The Initial Enrollment Period (IEP) lasts seven months. For those not born on the first of the month, it begins three months before the month you turn 65. You can enroll in Medicare during your IEP.
Inpatient refers to medical care that requires admission to the hospital, usually overnight.
Limitations are restrictions on your health insurance coverage. Either your plan won't cover a service, or there may be cost limits on the coverage.
Long-term care coverage is insurance that helps pay for medical services and care you receive due to a chronic illness or disability. Long-term care often refers to "custodial care" or personal care needs.
Major medical insurance is health insurance that covers the Ten Essential Health Benefits. In the past, this term referred to the most comprehensive plans. The Affordable Care Act made it mandatory for insurance companies to provide many of these comprehensive benefits to all customers.
Managed care is a form of healthcare that focuses on improving and maintaining good health with preventive care. This helps control costs and improve the quality of care you receive.
Managed care is a type of health plan that encourages beneficiaries to stay in-network. Insurance companies sign agreements with healthcare providers to offer lower costs. If you go out-of-network, healthcare costs are often higher.
Medicaid is a state-based health insurance program for individuals that qualify. Unlike Medicare, Medicaid does not have age restrictions for members.
When you apply for a plan, health insurance companies use medical underwriting to determine your health status and whether they will cover you. The process may include interviews, medical exams, tests, and more.
Health care services necessary for the diagnosis or treatment of an illness, injury, condition, disease, or symptoms that meet accepted standards of medicine.
Medicare Advantage (Medicare Part C) is health insurance for Americans aged 65 and older that blends Medicare benefits with private health insurance. This typically includes a bundle of Original Medicare (Parts A and B) and Medicare Prescription Drug Plan (Part D).
Medicare Part A, also called "hospital insurance," covers the care you receive while admitted to the hospital, skilled nursing facility, or other inpatient services. Medicare Part A is part of Original Medicare.
Medicare Part A premiums cover hospital visits, skilled nursing stays, some home health services, and more. Part A premiums are based on whether you or your spouse paid income taxes and for how long. Most individuals won't pay a Part A premium.
Medicare Part B is the portion of Medicare that covers your medical expenses. Sometimes called "medical insurance," Part B helps pay for the Medicare-approved services you receive.
Medicare Part B premiums cover doctor services, inpatient therapies, durable medical equipment, and more. Your income plays a part in your premium. For 2020, individuals making $87,000 per year or less and couples making $174,000 or less pay the standard monthly amount of $144.60 each.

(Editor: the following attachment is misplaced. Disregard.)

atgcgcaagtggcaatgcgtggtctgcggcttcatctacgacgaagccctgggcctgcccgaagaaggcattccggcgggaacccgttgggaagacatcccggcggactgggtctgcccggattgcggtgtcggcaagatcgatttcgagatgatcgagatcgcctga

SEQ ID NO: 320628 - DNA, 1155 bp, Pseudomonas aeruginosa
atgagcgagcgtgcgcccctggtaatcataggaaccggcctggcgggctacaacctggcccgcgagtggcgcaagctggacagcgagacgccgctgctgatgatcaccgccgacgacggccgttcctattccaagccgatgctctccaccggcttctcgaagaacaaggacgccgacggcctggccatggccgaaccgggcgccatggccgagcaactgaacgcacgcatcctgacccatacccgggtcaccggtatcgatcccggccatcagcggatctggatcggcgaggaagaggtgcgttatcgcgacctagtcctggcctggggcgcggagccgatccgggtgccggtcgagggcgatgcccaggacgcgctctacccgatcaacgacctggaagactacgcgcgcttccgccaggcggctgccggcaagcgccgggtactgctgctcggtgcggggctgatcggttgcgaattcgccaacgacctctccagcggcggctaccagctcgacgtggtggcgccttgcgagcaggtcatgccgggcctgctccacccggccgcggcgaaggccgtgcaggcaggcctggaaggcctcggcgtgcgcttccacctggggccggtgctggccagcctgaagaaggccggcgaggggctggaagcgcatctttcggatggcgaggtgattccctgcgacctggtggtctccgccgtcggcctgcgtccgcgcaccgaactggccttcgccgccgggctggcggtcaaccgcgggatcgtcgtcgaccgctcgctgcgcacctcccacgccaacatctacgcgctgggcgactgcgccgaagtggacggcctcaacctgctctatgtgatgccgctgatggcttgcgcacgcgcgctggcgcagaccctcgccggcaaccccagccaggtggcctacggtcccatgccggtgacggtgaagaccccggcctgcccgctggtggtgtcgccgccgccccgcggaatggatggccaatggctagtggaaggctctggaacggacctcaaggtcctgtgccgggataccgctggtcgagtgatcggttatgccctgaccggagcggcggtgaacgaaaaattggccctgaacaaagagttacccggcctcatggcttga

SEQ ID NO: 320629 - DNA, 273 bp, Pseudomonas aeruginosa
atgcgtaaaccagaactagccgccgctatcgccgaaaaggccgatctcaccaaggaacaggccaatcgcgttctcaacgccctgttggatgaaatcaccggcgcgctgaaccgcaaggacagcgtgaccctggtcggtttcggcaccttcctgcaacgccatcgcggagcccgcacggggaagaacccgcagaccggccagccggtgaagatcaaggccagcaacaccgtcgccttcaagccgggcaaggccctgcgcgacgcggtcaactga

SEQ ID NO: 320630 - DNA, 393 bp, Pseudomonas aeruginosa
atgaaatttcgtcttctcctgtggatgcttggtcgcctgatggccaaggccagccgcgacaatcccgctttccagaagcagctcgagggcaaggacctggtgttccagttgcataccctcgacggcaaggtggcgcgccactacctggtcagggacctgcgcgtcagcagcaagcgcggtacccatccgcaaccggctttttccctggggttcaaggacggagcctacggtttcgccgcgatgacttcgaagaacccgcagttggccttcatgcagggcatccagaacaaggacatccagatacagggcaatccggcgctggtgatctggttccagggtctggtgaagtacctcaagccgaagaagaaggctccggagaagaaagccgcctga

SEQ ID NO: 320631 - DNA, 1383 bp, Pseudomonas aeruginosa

The Medicare Part D catastrophic coverage reduces the amount of copays and coinsurance after the coverage gap. For example, in 2021, the coverage gap amount is $6,500.
The Medicare Part D coverage gap, also known as the donut hole, is the payment stage between the initial coverage limit and the catastrophic coverage. The portion you pay for prescriptions is usually higher in this phase until you reach $6,350 for covered drugs in 2020 and enter the catastrophic level.
Medicare Part D initial coverage is the payment stage where you pay either copays or coinsurance for prescription drugs after you've met the deductible (if your plan has one). You stay in this phase until you paid $4,020 for covered drugs in 2020, and then the coverage gap (donut hole) starts.
The Medicare Part D late enrollment penalty is a fee added onto your Part D premium if you go 63 consecutive days after your Initial Enrollment Period ends without creditable prescription drug coverage. The penalty generally applies for the lifetime of your Part D plan.
Medicare Prescription Drug Plan (Part D) is prescription drug coverage for people enrolled in Medicare. Part D is optional and is offered by private insurance companies.
Medicare Savings Programs help those with low incomes pay premiums and sometimes coinsurance for Medicare expenses.
Medicare Supplement Insurance (Medigap) is designed to provide coverage that Original Medicare (Parts A and B) does not. Medigap policies are purchased in addition to Original Medicare and have their own monthly premiums you'll need to pay.
Mental health services help your emotional and psychological health. Coverage generally includes behavioral health treatment (psychotherapy and counseling), mental and behavioral health inpatient services and substance abuse.
Also known as The Patient Protection and Affordable Care Act (ACA), Obamacare requires insurance companies to cover preventive care and other essential health benefits.